People in Richmond, Indiana know they live in a great American city.
In fact, reaching the top 50 in the America’s Best Communities competition is the third time their city has earned national accolades in its recent history.
In 2009, Richmond was named an All-America City by the National Civic League — for the second time. And the first All-America recognition came only 20 years earlier.
However, the greatness hasn’t come without challenges. And it’s the hard work that has gone into achieving so many great things that truly defines Richmond’s character.
“This community has a rich heritage of people coming together to solve problems,” said Wayne County Chamber of Commerce Executive Director Amy Oler Holthouse.
Like many Midwest communities, Richmond began losing manufacturing plants and the jobs they provided in the late 1970’s.
Still, “throughout the years, we have worked diligently to keep the economy humming, growing and diversifying,” Holthouse said.
Local schools have faced their own obstacles. In 2006, Richmond High School was named a “dropout factory” by researchers at Johns Hopkins University. Area residents went to work to address the problem – and things quickly changed.
“In 2013-14 the graduation rate was over 92 percent,” Holthouse said. “The community stepped up.”
It was an ambitious effort that was fueled by a drive to close the local skills gap, or the disparity between the skills needed by area employers and the skills possessed by workers. Richmond continues to confront this lingering challenge today.
“We have jobs,” Holthouse explained, but area employers can’t find qualified candidates.
And there are a few reasons for it.
“Educational attainment has been a barrier to productive employment in the Richmond area,” Holthouse said. She added, “Interestingly, a survey of local employers also identified ‘soft skills’ as an impediment to a person’s productive employment.”
That’s why workforce development has become a cornerstone of Richmond’s revitalization efforts, as the city strives for success in the America’s Best Communities competition.
“Our vision guiding our plan is attracting, retaining, and developing an effective, productive workforce that will allow an increase in per capita income and a growing assessed valuation,” Holthouse said.
Richmond’s workforce plan goes well beyond skills training. Community leaders have determined that to attract more people to the city, they’ll have to make Richmond an even better place to live.
They’ve placed two key focus areas at the heart of their plan.
First, they’ll “focus on the ‘Quality of Place’ through enhancing our parks, our housing, our bike-ability, our walkability, our family friendliness, our cultural offerings, our historic preservation, our downtown, our night life and more,” Holthouse said.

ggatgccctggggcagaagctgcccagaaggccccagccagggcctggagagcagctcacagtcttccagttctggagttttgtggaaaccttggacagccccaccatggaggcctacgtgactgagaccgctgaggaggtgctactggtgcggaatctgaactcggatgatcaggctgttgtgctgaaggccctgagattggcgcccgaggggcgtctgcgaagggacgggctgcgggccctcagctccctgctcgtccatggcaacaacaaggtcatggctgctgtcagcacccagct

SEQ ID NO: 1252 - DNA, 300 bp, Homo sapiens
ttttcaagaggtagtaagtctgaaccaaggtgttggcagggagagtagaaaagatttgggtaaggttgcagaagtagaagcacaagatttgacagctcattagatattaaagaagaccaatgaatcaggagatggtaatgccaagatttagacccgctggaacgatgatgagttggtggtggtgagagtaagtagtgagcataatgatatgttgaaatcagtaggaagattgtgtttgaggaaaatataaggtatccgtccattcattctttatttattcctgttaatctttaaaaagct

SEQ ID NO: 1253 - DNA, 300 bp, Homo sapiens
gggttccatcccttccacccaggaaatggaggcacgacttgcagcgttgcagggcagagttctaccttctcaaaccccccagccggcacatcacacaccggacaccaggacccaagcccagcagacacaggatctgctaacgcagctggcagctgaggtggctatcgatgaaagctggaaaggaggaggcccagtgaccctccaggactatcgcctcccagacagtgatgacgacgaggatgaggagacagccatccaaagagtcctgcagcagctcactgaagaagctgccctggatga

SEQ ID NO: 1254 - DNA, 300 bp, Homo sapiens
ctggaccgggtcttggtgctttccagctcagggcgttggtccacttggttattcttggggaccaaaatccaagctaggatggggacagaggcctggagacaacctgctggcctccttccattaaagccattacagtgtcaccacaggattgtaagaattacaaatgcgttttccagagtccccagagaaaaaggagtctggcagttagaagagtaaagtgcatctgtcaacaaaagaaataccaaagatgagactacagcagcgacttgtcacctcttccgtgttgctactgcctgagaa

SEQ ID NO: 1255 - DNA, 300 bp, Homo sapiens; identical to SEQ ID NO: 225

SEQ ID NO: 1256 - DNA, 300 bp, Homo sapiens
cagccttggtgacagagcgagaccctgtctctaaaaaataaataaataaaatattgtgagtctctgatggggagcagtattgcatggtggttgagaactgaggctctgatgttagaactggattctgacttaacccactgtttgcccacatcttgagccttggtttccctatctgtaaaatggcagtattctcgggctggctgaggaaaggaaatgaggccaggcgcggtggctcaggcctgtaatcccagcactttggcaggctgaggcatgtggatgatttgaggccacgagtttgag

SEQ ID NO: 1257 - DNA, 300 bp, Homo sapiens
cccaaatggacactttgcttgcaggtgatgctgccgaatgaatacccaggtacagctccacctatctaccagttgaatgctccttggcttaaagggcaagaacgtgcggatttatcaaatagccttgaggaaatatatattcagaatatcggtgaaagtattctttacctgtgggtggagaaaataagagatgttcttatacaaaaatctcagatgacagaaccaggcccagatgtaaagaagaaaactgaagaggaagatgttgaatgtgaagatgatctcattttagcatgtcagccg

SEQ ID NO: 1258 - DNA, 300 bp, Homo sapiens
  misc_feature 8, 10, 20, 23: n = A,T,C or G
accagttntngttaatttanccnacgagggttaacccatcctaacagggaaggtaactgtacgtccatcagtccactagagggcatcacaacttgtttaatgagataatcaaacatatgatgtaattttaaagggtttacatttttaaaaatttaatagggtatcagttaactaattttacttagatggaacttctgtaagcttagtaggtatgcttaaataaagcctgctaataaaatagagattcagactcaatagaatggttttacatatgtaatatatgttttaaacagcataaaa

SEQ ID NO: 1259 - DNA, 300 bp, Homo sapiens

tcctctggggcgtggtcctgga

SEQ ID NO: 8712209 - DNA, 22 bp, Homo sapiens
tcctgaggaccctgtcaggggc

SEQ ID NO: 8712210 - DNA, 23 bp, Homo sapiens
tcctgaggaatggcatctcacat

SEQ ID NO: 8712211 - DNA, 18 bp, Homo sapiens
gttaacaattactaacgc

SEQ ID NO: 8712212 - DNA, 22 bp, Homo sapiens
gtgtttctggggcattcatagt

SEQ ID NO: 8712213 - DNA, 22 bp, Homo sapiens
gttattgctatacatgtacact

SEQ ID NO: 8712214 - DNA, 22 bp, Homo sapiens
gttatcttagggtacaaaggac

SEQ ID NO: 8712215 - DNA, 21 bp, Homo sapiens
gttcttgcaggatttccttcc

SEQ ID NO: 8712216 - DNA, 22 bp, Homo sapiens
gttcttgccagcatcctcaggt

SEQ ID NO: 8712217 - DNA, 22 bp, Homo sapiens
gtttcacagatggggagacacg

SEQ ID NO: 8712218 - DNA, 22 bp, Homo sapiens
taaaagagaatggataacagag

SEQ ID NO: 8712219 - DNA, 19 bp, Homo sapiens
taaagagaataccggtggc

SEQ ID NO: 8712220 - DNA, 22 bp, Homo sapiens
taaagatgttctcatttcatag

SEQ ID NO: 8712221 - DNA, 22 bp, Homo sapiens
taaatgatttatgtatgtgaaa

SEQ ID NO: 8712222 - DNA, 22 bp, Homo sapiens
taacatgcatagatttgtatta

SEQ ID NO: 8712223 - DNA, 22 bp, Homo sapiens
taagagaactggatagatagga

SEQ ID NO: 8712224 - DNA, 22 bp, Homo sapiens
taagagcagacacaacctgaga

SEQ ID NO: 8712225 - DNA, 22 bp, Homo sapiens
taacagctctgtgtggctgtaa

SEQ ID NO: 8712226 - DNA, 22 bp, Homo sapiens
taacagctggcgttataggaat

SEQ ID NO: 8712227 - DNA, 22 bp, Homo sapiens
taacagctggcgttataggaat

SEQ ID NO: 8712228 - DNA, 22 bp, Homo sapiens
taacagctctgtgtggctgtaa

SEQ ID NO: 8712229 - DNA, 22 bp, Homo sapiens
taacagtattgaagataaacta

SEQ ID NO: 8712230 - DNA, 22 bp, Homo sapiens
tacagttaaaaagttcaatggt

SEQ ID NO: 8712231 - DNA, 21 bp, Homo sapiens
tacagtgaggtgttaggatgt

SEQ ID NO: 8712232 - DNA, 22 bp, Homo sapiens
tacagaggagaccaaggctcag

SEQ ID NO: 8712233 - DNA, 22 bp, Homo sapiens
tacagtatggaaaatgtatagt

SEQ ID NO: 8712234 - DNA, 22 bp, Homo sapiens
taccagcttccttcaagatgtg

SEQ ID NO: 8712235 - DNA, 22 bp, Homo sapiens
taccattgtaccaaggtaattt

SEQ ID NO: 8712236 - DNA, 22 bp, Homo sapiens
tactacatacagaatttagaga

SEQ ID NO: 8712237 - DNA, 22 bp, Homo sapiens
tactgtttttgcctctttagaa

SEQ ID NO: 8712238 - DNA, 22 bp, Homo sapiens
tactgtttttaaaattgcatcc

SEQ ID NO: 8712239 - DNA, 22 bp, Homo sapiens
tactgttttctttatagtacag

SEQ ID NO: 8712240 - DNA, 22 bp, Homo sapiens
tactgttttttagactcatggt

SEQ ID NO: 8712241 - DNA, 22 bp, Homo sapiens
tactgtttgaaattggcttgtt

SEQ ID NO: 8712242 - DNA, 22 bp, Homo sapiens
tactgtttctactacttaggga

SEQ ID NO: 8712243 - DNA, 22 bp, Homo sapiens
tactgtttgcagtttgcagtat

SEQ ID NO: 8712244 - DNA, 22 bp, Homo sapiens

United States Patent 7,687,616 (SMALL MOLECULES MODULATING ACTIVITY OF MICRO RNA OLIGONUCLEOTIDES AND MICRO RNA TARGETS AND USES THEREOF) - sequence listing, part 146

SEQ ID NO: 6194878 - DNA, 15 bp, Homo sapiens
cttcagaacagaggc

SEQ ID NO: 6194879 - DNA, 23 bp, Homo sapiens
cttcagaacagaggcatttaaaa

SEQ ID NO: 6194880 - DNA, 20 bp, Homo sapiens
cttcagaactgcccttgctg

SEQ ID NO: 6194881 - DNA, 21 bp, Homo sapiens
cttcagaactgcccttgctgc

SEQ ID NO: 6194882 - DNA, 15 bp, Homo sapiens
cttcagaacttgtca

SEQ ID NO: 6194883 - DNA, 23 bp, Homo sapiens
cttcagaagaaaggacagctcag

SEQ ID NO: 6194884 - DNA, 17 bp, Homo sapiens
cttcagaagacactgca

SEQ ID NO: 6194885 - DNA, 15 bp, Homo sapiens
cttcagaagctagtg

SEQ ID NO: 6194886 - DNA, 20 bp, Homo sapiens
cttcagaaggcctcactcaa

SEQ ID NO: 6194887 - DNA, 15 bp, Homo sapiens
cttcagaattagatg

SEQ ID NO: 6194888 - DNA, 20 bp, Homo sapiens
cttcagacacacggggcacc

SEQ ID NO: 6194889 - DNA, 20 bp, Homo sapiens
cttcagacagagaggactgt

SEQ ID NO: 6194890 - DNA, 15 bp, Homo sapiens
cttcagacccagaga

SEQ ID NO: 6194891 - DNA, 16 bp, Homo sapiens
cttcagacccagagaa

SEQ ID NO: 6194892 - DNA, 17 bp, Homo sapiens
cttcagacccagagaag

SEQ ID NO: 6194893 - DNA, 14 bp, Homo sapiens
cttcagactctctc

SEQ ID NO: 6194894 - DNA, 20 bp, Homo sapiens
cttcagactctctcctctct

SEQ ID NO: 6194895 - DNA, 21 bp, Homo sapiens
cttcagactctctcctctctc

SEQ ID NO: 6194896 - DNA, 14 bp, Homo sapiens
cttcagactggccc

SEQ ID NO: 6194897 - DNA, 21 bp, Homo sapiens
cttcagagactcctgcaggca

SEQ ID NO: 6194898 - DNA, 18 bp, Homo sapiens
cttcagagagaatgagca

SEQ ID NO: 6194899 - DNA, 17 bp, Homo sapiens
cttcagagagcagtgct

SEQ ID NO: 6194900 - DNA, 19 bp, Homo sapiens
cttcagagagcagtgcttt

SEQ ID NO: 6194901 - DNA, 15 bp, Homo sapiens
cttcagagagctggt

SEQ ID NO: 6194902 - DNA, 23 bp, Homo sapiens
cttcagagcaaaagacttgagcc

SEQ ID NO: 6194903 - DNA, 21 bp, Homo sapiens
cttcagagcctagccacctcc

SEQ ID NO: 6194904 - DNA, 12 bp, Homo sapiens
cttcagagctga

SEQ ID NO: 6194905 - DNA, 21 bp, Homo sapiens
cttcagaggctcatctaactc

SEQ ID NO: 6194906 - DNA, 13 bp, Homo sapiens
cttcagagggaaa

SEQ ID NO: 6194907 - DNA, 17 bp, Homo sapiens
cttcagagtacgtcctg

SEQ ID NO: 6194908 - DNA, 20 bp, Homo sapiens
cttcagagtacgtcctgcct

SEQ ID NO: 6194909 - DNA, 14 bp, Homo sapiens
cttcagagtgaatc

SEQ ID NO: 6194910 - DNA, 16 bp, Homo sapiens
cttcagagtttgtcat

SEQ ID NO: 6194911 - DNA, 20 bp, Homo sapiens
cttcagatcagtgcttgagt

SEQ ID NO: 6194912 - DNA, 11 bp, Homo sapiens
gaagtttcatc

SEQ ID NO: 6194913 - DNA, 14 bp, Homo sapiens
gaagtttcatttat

Positively Richmond, a local group focused on the city’s revitalization, has become an important force behind this push. The organization has accelerated local efforts to improve quality of life, which will help attract and retain talent. It is helping to spearhead several key projects, while aggressively promoting the region.
Secondly, to help current residents secure good-paying local jobs, Richmond intends to focus on the Human Development Pipeline from cradle to career.
They want to enhance local pre-natal care, provide high-quality early childhood education and ensure literacy competence by third grade. As children grow, the community and its leaders will pay close attention to important transitions and help kids identify their gifts, talents and dreams.
“In addition, we need to ensure that the 2,700 folks from ages 24-44 without a high school diploma achieve one,” Holthouse said, “and that older workers have the new technical and advanced manufacturing skills they need.”
As local leaders ramp up their work to address this issue, they’re confident another great moment is ahead for their great city.
“I believe Richmond is positioning itself well to be able to move on to the next phase of progress. There are a lot of things already happening. However, taking this opportunity to pull it all together into a comprehensive plan so that all parts can be working toward a common goal, within their own mission, is a great gift,” Holthouse said. “I see individuals really looking toward the future with positive energy and looking at what could be possible if we work together.”
To learn more about Richmond, visit www.richmondindiana.gov or the Wayne County Chamber of Commerce’s website at wcareachamber.org. And for more about Positively Richmond, go to www.positivelyrichmond.com, or like the group of Facebook and follow their work on Twitter.